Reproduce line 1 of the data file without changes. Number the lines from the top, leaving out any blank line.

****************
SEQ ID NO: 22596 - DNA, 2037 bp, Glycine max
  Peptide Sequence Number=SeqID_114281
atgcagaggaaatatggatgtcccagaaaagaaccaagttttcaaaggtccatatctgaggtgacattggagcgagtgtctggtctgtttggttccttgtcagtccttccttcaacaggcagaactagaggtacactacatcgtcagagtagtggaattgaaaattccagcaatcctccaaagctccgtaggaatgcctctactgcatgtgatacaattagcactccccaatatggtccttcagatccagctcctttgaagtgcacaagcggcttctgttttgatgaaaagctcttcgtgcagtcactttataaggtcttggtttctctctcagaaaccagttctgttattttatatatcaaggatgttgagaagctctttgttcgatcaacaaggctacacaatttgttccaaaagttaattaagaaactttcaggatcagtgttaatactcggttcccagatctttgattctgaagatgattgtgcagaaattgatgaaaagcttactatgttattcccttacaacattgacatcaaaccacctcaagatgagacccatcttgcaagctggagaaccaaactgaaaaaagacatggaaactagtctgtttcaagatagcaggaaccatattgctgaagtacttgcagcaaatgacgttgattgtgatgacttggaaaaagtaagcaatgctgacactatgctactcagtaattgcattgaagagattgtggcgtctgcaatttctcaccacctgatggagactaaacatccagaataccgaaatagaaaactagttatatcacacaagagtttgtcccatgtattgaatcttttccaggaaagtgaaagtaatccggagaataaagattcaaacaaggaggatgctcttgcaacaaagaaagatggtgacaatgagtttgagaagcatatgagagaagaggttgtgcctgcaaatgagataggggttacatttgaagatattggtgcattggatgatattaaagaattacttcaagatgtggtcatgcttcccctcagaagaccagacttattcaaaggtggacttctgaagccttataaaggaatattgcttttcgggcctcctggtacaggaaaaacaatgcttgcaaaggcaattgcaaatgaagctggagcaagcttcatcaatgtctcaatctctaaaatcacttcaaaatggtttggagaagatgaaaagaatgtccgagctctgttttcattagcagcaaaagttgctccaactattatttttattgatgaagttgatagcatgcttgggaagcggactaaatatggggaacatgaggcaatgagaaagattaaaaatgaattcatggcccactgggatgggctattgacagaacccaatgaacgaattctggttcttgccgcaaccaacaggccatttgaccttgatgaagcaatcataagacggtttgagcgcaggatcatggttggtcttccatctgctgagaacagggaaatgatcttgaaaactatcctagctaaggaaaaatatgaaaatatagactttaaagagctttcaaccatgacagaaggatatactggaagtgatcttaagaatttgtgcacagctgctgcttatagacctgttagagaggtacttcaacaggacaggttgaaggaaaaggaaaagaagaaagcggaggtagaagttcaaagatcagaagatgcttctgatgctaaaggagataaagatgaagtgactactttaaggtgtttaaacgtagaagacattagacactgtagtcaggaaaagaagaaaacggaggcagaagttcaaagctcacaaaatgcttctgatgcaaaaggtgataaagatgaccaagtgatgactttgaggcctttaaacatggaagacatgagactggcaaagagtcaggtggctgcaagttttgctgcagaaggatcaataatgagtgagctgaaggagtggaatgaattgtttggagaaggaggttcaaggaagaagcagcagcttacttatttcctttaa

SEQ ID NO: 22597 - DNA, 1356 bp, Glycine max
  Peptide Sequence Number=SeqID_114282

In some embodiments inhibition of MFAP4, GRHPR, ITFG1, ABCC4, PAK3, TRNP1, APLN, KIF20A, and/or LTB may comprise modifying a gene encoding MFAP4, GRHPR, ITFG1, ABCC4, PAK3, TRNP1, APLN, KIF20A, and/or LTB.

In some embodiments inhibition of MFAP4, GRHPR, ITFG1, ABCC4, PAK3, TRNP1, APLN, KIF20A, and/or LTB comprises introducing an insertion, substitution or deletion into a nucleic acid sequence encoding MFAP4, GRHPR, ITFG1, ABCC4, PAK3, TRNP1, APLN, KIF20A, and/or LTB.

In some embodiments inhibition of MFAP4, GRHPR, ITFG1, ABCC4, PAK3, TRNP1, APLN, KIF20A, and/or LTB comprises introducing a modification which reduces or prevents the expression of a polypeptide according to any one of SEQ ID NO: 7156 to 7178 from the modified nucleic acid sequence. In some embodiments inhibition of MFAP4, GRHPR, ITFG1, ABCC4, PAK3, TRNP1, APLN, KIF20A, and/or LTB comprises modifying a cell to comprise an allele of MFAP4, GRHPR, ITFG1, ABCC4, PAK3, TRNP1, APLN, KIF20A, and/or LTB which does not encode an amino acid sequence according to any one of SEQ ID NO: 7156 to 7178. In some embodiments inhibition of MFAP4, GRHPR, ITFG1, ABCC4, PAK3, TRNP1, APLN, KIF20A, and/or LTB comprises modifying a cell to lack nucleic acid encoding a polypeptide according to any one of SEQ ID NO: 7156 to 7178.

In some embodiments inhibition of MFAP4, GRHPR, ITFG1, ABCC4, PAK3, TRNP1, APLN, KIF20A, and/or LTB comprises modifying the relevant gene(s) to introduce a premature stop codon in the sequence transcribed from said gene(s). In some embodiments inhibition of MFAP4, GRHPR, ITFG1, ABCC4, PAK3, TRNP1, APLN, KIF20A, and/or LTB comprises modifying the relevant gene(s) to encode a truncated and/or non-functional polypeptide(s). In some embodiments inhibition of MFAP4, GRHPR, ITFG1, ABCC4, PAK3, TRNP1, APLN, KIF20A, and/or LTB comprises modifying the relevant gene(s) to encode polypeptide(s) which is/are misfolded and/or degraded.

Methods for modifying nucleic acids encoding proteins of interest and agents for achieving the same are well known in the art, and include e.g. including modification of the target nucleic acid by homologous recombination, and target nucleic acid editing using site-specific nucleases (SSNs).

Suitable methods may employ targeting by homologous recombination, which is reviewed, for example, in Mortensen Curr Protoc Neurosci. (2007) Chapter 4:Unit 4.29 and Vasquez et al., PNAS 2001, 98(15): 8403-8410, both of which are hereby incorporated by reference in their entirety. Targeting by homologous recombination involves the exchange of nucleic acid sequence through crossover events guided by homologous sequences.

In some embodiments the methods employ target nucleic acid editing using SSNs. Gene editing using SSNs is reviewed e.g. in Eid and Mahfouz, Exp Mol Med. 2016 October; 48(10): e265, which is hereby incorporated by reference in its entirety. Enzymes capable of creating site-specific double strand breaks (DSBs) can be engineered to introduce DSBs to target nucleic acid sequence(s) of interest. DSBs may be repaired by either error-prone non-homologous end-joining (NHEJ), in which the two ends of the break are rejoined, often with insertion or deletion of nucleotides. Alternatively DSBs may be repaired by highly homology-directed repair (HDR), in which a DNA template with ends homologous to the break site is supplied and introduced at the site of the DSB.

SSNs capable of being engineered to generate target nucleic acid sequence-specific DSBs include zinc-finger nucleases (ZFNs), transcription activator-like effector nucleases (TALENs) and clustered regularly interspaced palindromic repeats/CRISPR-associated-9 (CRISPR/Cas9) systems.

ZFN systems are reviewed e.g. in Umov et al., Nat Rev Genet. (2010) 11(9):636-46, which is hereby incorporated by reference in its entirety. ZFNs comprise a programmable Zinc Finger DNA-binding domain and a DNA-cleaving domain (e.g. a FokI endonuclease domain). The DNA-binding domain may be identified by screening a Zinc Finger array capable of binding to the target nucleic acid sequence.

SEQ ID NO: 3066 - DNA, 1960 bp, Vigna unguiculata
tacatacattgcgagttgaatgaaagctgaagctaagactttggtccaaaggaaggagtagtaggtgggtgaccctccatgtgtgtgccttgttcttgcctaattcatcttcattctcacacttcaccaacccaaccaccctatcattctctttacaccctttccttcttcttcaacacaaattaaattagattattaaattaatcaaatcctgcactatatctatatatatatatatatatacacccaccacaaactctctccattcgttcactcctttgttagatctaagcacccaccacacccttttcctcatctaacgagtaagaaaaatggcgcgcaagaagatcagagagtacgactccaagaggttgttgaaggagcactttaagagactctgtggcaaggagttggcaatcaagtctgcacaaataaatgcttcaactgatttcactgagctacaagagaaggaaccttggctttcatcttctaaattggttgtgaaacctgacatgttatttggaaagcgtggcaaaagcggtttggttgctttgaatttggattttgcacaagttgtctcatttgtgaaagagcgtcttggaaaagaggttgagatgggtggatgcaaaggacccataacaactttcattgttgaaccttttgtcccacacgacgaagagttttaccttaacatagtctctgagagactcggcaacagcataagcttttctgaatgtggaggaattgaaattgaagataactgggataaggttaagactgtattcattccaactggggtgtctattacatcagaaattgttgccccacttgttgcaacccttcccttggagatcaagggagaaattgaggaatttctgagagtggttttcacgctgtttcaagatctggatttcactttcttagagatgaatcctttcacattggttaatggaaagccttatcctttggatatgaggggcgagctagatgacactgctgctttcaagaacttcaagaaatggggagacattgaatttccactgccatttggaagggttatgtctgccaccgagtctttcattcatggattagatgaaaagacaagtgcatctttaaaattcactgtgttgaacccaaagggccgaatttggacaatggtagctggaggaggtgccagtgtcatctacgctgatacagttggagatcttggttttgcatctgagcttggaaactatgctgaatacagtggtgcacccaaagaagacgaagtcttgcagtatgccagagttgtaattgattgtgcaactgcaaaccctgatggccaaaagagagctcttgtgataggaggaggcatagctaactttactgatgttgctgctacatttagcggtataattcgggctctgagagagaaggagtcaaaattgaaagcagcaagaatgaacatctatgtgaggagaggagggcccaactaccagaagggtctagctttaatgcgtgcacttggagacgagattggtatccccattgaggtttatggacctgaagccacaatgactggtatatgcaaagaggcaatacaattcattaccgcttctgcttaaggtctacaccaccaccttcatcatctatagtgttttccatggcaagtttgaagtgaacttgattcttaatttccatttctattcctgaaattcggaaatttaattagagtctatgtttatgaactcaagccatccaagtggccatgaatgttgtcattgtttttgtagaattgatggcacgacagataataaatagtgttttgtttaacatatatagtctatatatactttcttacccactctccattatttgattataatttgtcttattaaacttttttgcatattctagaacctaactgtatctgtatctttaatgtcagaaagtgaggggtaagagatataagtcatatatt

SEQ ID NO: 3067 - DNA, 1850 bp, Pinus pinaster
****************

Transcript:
SEQ ID NO: 22596 - DNA, 2037 bp, Glycine max